Town OKs purchase of two wells to ease chronic water shortage

Manchester will buy 4 acres on Ferrier Road

April 12, 2002|By Sheridan Lyons | Sheridan Lyons,SUN STAFF

Two new wells at the edge of Manchester are expected to provide the water-poor town with enough to eventually ease its chronic water shortage.

The water could be available in eight to 10 months, said Steven L. Miller, Manchester's director of public works and parks.

The Town Council voted this week to buy 4 acres for $220,000 on Ferrier Road near Route 30, north of town.

"This is a happy item," said Mayor Christopher B. D'Amario. "It brings us two more wells, and God knows, we could use them."

For years, the town in Northeast Carroll has struggled to find water. The shortage was aggravated in 1996, when state environmental officials banned the use of several town springs as a water source because of the risk of contamination from surface pollutants.

The water supply is in "critical shape," Miller told the council this week. All seven of the town wells were low despite recent rains.

Worried that a large fire in town could drain the supply, Miller suggested the town find a pond as a secondary source for firefighting. He also plans to meet with large water users to check for leaks in their systems.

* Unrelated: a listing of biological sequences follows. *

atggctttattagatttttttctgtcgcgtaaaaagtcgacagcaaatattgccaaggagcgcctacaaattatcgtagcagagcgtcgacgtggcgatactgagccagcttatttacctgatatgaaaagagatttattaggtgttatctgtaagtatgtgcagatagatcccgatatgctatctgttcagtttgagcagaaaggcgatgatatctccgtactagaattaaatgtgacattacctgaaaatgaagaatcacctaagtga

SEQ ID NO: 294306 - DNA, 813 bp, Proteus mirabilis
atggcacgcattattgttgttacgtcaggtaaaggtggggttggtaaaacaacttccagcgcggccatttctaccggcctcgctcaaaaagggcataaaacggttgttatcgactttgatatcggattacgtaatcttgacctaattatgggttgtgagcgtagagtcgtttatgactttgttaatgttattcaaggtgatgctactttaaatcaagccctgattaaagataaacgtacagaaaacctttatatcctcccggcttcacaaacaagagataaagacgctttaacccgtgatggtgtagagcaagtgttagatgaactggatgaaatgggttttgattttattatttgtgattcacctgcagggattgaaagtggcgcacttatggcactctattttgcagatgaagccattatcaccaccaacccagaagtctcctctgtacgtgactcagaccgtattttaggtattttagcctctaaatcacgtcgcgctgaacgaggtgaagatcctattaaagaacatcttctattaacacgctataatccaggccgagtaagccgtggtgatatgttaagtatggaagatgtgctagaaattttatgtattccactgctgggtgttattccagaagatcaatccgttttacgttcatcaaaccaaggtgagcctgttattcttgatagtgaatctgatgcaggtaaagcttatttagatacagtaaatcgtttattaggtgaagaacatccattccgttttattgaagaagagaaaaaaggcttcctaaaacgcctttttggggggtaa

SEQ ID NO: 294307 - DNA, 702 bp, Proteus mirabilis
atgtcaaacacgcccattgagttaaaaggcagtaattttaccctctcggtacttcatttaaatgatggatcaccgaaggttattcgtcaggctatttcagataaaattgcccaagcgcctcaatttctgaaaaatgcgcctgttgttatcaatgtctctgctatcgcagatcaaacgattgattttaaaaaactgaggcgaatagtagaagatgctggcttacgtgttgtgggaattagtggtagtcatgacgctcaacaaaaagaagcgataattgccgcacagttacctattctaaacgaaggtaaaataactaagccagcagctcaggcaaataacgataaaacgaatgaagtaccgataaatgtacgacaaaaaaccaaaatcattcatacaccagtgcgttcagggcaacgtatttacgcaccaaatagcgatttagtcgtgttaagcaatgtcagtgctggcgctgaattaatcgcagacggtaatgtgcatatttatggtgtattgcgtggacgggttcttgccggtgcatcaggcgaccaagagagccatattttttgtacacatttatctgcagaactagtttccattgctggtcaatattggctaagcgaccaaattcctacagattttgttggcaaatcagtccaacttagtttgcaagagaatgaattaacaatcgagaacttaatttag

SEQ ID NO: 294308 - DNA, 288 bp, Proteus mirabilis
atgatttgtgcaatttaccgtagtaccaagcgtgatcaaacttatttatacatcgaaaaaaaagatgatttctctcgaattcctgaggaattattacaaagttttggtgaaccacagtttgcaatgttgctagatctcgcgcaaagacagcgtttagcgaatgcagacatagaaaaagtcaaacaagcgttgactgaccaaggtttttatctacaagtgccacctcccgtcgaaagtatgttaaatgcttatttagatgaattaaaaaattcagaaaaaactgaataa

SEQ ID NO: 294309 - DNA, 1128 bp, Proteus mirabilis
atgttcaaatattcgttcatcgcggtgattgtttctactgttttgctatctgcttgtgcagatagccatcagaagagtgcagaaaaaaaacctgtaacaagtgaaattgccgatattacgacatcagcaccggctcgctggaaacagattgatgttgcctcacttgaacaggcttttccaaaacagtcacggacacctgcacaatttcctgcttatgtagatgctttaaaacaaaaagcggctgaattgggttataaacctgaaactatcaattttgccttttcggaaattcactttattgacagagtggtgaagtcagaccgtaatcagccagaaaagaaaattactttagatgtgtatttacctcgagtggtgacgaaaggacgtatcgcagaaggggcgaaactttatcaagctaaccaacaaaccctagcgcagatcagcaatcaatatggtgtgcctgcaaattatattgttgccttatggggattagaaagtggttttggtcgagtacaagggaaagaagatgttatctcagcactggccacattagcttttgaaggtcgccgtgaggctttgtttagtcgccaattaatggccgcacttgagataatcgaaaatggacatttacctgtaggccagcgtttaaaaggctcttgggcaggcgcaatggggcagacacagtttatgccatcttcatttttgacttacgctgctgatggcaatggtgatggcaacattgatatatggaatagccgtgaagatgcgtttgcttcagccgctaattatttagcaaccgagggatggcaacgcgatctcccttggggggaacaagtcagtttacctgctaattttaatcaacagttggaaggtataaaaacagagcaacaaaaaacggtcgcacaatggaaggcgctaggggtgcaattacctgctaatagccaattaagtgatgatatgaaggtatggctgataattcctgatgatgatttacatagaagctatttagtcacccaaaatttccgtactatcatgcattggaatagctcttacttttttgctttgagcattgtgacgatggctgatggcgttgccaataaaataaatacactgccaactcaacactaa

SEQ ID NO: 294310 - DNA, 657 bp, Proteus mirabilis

The town's cable channel has been airing a public service announcement by 11-year-old Esther Schott, a member of the Deep Run and Fine Feathered Friends 4-H Club. She was invited to do so after giving a presentation to the council last month, using poster board illustrations to show simple household measures to conserve water.

Miller said town residents have taken conservation seriously - and estimated that they are saving an additional 15,000 to 18,0000 gallons a day.

The council passed an ordinance last month requiring builders to supply more water than they need for new developments.

Any builder who did not have final approval as of Nov. 27 now must drill a well to produce at least 50,000 gallons per day, or two nearby wells with a combined yield of 75,000 gallons.

Anything less than that amount would not be worth the cost to the town, which would take over operation of the wells, said D'Amario.

A higher required well yield means extra water for the town - and is the goal of the new ordinance, officials said. If a developer cannot meet the water-supply requirement after four attempts, and if the town has an adequate supply, its officials may at their discretion provide water for a fee of $5,000 per unit.

Council members agreed that nothing in the ordinance would forbid small developers from pooling their resources to meet the minimum requirement, after concerns were raised in a public hearing before the vote.

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